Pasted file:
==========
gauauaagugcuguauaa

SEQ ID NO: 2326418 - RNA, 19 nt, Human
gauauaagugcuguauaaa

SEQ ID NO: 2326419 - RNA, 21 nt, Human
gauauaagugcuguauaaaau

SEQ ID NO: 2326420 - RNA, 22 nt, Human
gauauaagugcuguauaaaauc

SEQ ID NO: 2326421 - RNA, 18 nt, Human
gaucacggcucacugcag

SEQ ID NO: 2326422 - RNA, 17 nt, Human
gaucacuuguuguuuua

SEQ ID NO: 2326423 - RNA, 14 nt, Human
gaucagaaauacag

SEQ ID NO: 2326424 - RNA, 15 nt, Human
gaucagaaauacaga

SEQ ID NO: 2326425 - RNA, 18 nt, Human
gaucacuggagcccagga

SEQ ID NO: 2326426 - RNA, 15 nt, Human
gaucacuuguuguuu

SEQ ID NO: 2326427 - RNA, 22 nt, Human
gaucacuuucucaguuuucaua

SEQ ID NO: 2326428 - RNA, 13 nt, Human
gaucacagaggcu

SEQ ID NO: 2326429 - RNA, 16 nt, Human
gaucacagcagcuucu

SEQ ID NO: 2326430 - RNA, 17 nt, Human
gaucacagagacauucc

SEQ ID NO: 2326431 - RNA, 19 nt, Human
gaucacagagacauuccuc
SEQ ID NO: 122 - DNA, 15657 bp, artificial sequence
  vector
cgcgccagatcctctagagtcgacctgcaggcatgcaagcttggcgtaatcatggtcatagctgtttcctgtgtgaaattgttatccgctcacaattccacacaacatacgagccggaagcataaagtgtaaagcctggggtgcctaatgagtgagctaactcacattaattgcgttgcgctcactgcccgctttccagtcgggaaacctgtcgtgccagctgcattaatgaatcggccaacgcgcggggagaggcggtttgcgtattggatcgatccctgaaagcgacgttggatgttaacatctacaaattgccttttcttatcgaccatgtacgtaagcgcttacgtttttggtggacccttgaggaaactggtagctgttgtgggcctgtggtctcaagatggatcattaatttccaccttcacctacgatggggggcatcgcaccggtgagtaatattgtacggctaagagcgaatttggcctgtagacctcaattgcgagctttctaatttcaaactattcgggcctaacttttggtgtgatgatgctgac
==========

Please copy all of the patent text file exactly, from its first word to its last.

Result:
gauauaagugcuguauaa

SEQ ID NO: 2326418 - RNA, 19 nt, Human
gauauaagugcuguauaaa

SEQ ID NO: 2326419 - RNA, 21 nt, Human
gauauaagugcuguauaaaau

SEQ ID NO: 2326420 - RNA, 22 nt, Human
gauauaagugcuguauaaaauc

SEQ ID NO: 2326421 - RNA, 18 nt, Human
gaucacggcucacugcag

SEQ ID NO: 2326422 - RNA, 17 nt, Human
gaucacuuguuguuuua

SEQ ID NO: 2326423 - RNA, 14 nt, Human
gaucagaaauacag

SEQ ID NO: 2326424 - RNA, 15 nt, Human
gaucagaaauacaga

SEQ ID NO: 2326425 - RNA, 18 nt, Human
gaucacuggagcccagga

SEQ ID NO: 2326426 - RNA, 15 nt, Human
gaucacuuguuguuu

SEQ ID NO: 2326427 - RNA, 22 nt, Human
gaucacuuucucaguuuucaua

SEQ ID NO: 2326428 - RNA, 13 nt, Human
gaucacagaggcu

SEQ ID NO: 2326429 - RNA, 16 nt, Human
gaucacagcagcuucu

SEQ ID NO: 2326430 - RNA, 17 nt, Human
gaucacagagacauucc

SEQ ID NO: 2326431 - RNA, 19 nt, Human
gaucacagagacauuccuc
SEQ ID NO: 122 - DNA, 15657 bp, artificial sequence
  vector
cgcgccagatcctctagagtcgacctgcaggcatgcaagcttggcgtaatcatggtcatagctgtttcctgtgtgaaattgttatccgctcacaattccacacaacatacgagccggaagcataaagtgtaaagcctggggtgcctaatgagtgagctaactcacattaattgcgttgcgctcactgcccgctttccagtcgggaaacctgtcgtgccagctgcattaatgaatcggccaacgcgcggggagaggcggtttgcgtattggatcgatccctgaaagcgacgttggatgttaacatctacaaattgccttttcttatcgaccatgtacgtaagcgcttacgtttttggtggacccttgaggaaactggtagctgttgtgggcctgtggtctcaagatggatcattaatttccaccttcacctacgatggggggcatcgcaccggtgagtaatattgtacggctaagagcgaatttggcctgtagacctcaattgcgagctttctaatttcaaactattcgggcctaacttttggtgtgatgatgctgac